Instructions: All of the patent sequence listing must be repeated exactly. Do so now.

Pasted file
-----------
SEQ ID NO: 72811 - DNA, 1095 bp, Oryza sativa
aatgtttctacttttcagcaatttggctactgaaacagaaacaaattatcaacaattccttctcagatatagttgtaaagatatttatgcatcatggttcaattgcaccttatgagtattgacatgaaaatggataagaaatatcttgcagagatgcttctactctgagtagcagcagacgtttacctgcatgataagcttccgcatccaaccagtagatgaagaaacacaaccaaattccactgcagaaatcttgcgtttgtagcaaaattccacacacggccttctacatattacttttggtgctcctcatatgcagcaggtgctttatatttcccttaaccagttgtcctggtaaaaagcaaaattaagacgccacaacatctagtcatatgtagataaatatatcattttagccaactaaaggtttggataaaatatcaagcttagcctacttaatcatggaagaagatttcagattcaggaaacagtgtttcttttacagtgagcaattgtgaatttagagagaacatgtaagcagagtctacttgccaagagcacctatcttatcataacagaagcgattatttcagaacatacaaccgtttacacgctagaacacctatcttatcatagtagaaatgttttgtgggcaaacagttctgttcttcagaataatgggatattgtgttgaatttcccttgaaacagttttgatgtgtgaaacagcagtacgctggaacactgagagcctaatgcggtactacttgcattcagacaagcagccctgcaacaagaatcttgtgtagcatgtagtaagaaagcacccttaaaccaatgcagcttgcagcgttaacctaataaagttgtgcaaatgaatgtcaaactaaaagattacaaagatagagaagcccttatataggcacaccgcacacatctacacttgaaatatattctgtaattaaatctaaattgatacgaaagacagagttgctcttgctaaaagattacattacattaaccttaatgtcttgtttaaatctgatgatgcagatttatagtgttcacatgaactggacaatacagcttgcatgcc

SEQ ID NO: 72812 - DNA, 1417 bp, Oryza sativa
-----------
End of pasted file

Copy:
SEQ ID NO: 72811 - DNA, 1095 bp, Oryza sativa
aatgtttctacttttcagcaatttggctactgaaacagaaacaaattatcaacaattccttctcagatatagttgtaaagatatttatgcatcatggttcaattgcaccttatgagtattgacatgaaaatggataagaaatatcttgcagagatgcttctactctgagtagcagcagacgtttacctgcatgataagcttccgcatccaaccagtagatgaagaaacacaaccaaattccactgcagaaatcttgcgtttgtagcaaaattccacacacggccttctacatattacttttggtgctcctcatatgcagcaggtgctttatatttcccttaaccagttgtcctggtaaaaagcaaaattaagacgccacaacatctagtcatatgtagataaatatatcattttagccaactaaaggtttggataaaatatcaagcttagcctacttaatcatggaagaagatttcagattcaggaaacagtgtttcttttacagtgagcaattgtgaatttagagagaacatgtaagcagagtctacttgccaagagcacctatcttatcataacagaagcgattatttcagaacatacaaccgtttacacgctagaacacctatcttatcatagtagaaatgttttgtgggcaaacagttctgttcttcagaataatgggatattgtgttgaatttcccttgaaacagttttgatgtgtgaaacagcagtacgctggaacactgagagcctaatgcggtactacttgcattcagacaagcagccctgcaacaagaatcttgtgtagcatgtagtaagaaagcacccttaaaccaatgcagcttgcagcgttaacctaataaagttgtgcaaatgaatgtcaaactaaaagattacaaagatagagaagcccttatataggcacaccgcacacatctacacttgaaatatattctgtaattaaatctaaattgatacgaaagacagagttgctcttgctaaaagattacattacattaaccttaatgtcttgtttaaatctgatgatgcagatttatagtgttcacatgaactggacaatacagcttgcatgcc

SEQ ID NO: 72812 - DNA, 1417 bp, Oryza sativa